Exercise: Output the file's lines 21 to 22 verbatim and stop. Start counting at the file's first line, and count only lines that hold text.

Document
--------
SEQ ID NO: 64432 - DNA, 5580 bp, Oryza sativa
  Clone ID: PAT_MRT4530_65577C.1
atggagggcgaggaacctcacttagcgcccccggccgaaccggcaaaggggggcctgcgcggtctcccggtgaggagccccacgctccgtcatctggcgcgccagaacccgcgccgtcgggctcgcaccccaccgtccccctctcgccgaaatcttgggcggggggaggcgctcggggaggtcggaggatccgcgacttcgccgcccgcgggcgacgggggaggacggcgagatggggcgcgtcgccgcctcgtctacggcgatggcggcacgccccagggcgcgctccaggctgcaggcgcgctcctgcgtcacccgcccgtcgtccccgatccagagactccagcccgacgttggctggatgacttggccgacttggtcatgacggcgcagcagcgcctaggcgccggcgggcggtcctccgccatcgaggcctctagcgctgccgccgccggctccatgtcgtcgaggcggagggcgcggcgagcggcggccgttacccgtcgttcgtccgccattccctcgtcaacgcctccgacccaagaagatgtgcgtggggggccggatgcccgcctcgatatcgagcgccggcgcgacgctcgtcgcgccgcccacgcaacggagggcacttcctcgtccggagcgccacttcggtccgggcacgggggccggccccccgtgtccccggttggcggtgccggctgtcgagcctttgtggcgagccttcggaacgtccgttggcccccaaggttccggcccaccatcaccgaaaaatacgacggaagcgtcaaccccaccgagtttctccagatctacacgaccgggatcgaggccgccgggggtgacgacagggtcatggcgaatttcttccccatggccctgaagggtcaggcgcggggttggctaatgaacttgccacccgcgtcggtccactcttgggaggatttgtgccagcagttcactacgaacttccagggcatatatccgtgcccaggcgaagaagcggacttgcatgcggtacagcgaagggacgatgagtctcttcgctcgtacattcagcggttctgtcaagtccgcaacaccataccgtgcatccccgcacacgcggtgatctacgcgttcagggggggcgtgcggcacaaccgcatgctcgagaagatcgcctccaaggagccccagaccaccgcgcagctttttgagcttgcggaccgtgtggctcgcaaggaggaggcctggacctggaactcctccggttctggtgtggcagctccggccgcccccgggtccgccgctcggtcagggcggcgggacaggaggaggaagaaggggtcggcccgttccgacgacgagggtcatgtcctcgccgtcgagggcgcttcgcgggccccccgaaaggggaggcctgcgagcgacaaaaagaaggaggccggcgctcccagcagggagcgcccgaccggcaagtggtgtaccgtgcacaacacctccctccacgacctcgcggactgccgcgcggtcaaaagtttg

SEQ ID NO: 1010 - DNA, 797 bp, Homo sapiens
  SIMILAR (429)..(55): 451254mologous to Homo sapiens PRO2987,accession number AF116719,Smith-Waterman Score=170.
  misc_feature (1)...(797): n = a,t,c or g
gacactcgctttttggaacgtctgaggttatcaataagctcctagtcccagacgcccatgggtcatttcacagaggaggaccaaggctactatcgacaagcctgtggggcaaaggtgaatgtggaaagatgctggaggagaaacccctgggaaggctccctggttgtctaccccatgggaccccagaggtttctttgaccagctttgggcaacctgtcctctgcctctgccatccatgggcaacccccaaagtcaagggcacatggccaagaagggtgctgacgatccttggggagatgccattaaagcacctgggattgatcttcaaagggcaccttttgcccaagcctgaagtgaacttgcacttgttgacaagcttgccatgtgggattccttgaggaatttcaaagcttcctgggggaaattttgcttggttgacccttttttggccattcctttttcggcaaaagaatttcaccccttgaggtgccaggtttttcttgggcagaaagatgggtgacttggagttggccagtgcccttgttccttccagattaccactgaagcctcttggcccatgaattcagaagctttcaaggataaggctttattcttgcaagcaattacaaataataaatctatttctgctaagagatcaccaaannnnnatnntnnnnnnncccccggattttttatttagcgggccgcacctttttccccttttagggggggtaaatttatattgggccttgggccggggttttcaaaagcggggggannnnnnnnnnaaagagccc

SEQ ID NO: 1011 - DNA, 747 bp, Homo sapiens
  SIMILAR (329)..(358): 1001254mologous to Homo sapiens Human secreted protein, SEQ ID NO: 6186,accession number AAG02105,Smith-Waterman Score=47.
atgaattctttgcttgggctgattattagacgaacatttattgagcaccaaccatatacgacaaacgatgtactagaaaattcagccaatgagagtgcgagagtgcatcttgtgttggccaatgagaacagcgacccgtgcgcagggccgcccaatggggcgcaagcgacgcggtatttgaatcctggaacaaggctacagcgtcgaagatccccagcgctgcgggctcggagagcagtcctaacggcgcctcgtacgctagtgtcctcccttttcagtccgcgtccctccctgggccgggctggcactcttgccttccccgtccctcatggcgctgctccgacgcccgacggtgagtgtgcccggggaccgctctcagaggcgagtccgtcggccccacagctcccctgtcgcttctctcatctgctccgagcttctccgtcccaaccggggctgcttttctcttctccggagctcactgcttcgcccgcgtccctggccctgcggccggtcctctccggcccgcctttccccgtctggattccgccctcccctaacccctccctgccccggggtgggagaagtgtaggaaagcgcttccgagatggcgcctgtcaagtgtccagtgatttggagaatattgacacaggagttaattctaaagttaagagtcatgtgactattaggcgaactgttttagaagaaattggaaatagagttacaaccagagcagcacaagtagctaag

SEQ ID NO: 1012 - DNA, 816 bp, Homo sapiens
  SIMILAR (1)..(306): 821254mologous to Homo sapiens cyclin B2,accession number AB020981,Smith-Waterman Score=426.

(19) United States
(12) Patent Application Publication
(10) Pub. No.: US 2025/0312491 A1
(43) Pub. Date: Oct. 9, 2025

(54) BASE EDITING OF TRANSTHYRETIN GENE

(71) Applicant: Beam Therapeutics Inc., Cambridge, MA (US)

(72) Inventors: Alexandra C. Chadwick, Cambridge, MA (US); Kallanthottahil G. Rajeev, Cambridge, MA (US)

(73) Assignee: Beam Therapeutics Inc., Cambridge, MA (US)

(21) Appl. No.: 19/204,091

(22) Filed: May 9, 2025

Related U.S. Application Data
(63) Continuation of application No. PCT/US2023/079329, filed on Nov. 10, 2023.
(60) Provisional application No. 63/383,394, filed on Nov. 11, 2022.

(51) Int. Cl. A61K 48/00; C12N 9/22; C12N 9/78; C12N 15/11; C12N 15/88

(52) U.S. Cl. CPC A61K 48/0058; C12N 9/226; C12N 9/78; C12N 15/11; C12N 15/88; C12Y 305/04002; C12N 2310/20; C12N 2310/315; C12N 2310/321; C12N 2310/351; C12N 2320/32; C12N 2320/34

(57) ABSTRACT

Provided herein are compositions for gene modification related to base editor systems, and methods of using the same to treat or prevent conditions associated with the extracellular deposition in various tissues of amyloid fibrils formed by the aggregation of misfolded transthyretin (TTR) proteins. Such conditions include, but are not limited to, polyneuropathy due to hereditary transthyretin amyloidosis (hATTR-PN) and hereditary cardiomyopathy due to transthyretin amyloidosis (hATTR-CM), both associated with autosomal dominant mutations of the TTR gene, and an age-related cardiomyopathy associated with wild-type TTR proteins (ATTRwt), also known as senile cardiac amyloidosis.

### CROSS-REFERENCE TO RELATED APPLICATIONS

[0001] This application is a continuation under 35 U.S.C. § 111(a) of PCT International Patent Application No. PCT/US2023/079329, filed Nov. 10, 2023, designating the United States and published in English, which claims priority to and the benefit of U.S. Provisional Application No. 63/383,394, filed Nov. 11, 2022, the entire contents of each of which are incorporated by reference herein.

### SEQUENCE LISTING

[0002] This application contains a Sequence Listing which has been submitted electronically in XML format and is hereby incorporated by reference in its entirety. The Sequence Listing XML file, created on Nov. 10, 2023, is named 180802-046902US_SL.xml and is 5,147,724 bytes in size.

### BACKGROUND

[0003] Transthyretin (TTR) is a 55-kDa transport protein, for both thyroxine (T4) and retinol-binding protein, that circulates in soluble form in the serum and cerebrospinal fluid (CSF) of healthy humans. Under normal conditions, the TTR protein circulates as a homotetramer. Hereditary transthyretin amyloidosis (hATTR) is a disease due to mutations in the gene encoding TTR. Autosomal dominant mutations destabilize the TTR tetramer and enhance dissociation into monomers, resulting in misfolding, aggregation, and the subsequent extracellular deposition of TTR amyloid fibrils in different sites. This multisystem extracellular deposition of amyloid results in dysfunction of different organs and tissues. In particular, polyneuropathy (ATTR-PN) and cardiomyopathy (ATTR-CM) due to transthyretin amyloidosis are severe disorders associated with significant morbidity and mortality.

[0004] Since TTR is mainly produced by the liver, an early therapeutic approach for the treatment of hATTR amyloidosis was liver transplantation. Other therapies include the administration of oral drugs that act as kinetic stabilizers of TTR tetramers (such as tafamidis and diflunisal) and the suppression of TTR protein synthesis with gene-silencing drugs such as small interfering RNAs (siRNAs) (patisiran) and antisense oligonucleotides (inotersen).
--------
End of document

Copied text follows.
(21) Appl. No.: 19/204,091

(22) Filed: May 9, 2025